I noticed at the Lakers/Magic game a few weeks back that a lot of kids were sporting a Lakers No. 8 replica jersey. You know, Kobe Bryant? The guy who had to admit to the world that he cheated on his wife when he faced rape charges? Parents, the last-stop role models for their spawn, are shelling out hundreds of dollars to encourage their kids to support and promote grown men who break the law, cheat on their wives and don't give a damn about setting a good example. Professional sports have always had their share of miscreants, but in the glorious yet archaic pre-Internet world it was easier to keep things out of the public eye. Not so much anymore.

Ron Artest made a name for himself as a defensive specialist with the Indiana Pacers. Not long after, he made a jackass of himself by smashing a reporter's $30,000 video camera after a loss. Then he got thrown out of a few games for cheap-shot punches, and pretty soon he more closely resembled Dennis Rodman than Michael Jordan. He made a strong showing of keeping his shit together toward the end of last season, and was named the NBA's defensive player of the year. When his team didn't make it to the conference finals, instead of spending the summer working on his conditioning, Ron started a record label, began managing R&B group Allure (I think they have that one song, "We're a Poor Man's TLC") and recorded a rap album.

Just when I thought Artest couldn't get any Artestier, I was blown away by his latest venture into the WWE. After a heated on-court confrontation with Big Ben Wallace of the Detroit Pistons, Artest went into the stands after a fan he thought had thrown a cup at him. In a classic Ron Artest move, he pushed aside the fan who had apparently heaved the cup and proceeded to deliver a beatdown to a different Pistons fan. It would be an understatement to say that all hell broke loose, with Indiana Pacers players throwing haymakers at Detroit fans. When the dust cleared, NBA Commissioner David Stern handed down a historic punishment: Ron Artest is suspended for the rest of the 2004-2005 NBA season.

It sucks that there are "fans" out there who get off on taunting and hurling more than insults at pro athletes. However, the millions of dollars an athlete earns for playing his or her sport requires some thick skin. Nobody wins when the public can't turn on a television without seeing several athletes in the stands at an NBA game, flailing their fists at people who paid to watch them play.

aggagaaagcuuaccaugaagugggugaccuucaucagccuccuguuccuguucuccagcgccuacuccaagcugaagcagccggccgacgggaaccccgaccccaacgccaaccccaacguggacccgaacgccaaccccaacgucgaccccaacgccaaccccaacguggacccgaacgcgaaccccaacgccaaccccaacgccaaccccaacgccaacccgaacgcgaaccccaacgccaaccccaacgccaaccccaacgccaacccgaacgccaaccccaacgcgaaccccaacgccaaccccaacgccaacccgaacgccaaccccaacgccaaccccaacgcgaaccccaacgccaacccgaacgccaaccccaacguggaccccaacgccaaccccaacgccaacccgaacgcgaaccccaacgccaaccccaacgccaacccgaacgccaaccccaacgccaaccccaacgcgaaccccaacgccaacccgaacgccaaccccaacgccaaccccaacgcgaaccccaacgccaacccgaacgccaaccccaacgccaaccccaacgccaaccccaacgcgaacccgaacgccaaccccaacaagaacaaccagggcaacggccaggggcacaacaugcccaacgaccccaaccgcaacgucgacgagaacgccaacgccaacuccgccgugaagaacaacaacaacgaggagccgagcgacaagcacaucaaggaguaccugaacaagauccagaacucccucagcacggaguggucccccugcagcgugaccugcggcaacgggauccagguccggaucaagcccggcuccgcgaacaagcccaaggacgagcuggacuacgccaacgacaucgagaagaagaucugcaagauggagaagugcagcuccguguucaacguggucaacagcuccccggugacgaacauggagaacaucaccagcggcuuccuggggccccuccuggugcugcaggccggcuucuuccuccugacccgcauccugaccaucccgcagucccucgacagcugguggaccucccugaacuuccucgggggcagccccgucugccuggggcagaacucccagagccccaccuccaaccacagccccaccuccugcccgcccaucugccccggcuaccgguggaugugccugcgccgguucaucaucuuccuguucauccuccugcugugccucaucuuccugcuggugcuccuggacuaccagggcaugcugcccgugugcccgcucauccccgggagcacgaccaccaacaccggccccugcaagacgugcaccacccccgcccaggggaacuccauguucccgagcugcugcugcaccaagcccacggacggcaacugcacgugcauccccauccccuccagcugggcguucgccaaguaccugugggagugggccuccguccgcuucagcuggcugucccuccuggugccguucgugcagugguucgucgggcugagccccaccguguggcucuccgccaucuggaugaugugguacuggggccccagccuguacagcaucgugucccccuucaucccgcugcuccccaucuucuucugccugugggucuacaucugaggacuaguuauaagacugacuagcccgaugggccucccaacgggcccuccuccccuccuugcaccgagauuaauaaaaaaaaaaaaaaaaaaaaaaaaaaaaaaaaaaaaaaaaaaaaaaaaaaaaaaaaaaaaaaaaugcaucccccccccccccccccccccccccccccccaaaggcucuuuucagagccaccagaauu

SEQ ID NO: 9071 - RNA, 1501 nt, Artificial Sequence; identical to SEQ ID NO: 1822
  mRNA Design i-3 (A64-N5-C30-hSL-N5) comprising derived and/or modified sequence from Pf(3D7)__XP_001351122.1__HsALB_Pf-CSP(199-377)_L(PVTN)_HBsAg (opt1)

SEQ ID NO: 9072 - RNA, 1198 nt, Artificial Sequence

Imagine knowing that one of your current teammates feels mistreated by ownership and management, and he's the guy passing you the ball. Latrell Sprewell supposedly came to basketball's Minnesota Timberwolves to help Kevin Garnett get out of the first round of the playoffs, something KG had failed to do for seven years in a row. Sprewell had overcome a public relations nightmare of his own: His former coach, P.J. Carlesimo, had tried to injure Spree's hands by ramming his throat against them. For some reason, people made Latrell the scapegoat for choking his coach … go figure. After this, he kept his nose clean and last year helped Garnett reach within a finger's length of the NBA finals.

Then, the 2004-2005 NBA season begins. Poor Latrell, who has to subsist on a yearly income of $14.6 million until his contract extension is negotiated, questions his own motivation for helping the Timberwolves win a championship. Spree is quoted in the St. Paul Pioneer Press: "Why would I want to help them win a title? They're not doing anything for me. I've got a lot at risk here. I've got my family to feed." What's your family eating that the POINT FRIGGING SIX in your yearly income won't cover? Maybe it's time to get the baby off of foie gras and onto some Enfamil, Latrell. The audacity it takes someone to make a statement like that rings in my ears, and only serves to amplify the disdain that I've been feeling for most athletes lately.

Then, along came Johnny. Recently I was lucky enough to have lunch with Johnny Damon of the World Champion (!) Boston Red Sox, and then interview him on my radio show that night. A bunch of Damon's high school chums showed up at lunch, and to watch the comfortable grace and ease with which he balanced genuine conversation while obliging multiple autograph requests was exhilarating. Speaking to Johnny Damon, one gets the impression that this is a guy who fully realizes and appreciates what it took to get him to where he is. Mayor Buddy Dyer may have ruffled a few feathers in the veterans community by proclaiming they now shared Veterans Day with Johnny Damon Day, but it's somehow appropriate because of Damon's work ethic, his appreciation for his fans and his humility.

A ratio of two scumbags to one stand-up guy doesn't paint an attractive picture of the future of professional sports, so here are some seemingly good guys that will make you feel a little better: Orlando's Grant Hill, Minnesota Vikings (and former UCF) quarterback Daunte Culpepper and Dale Earnhardt, Jr. (if you can tolerate an F-bomb or two). Be careful with the praise, though. If you read the sports pages, you'll find out a supposed Olympic hero got busted for an underage DUI and the best wide receiver in the game of football wants everyone to know he thinks his former quarterback is "gay."

Come to think of it, there really are a lot more turds than there are pieces of Godiva here. Maybe it's time to make a drastic shift and encourage kids to idolize their parents rather than athletes? Oh, right. That would require parents to have a Jordan-like determination to be role models, and we all know that ain't happening anytime soon.

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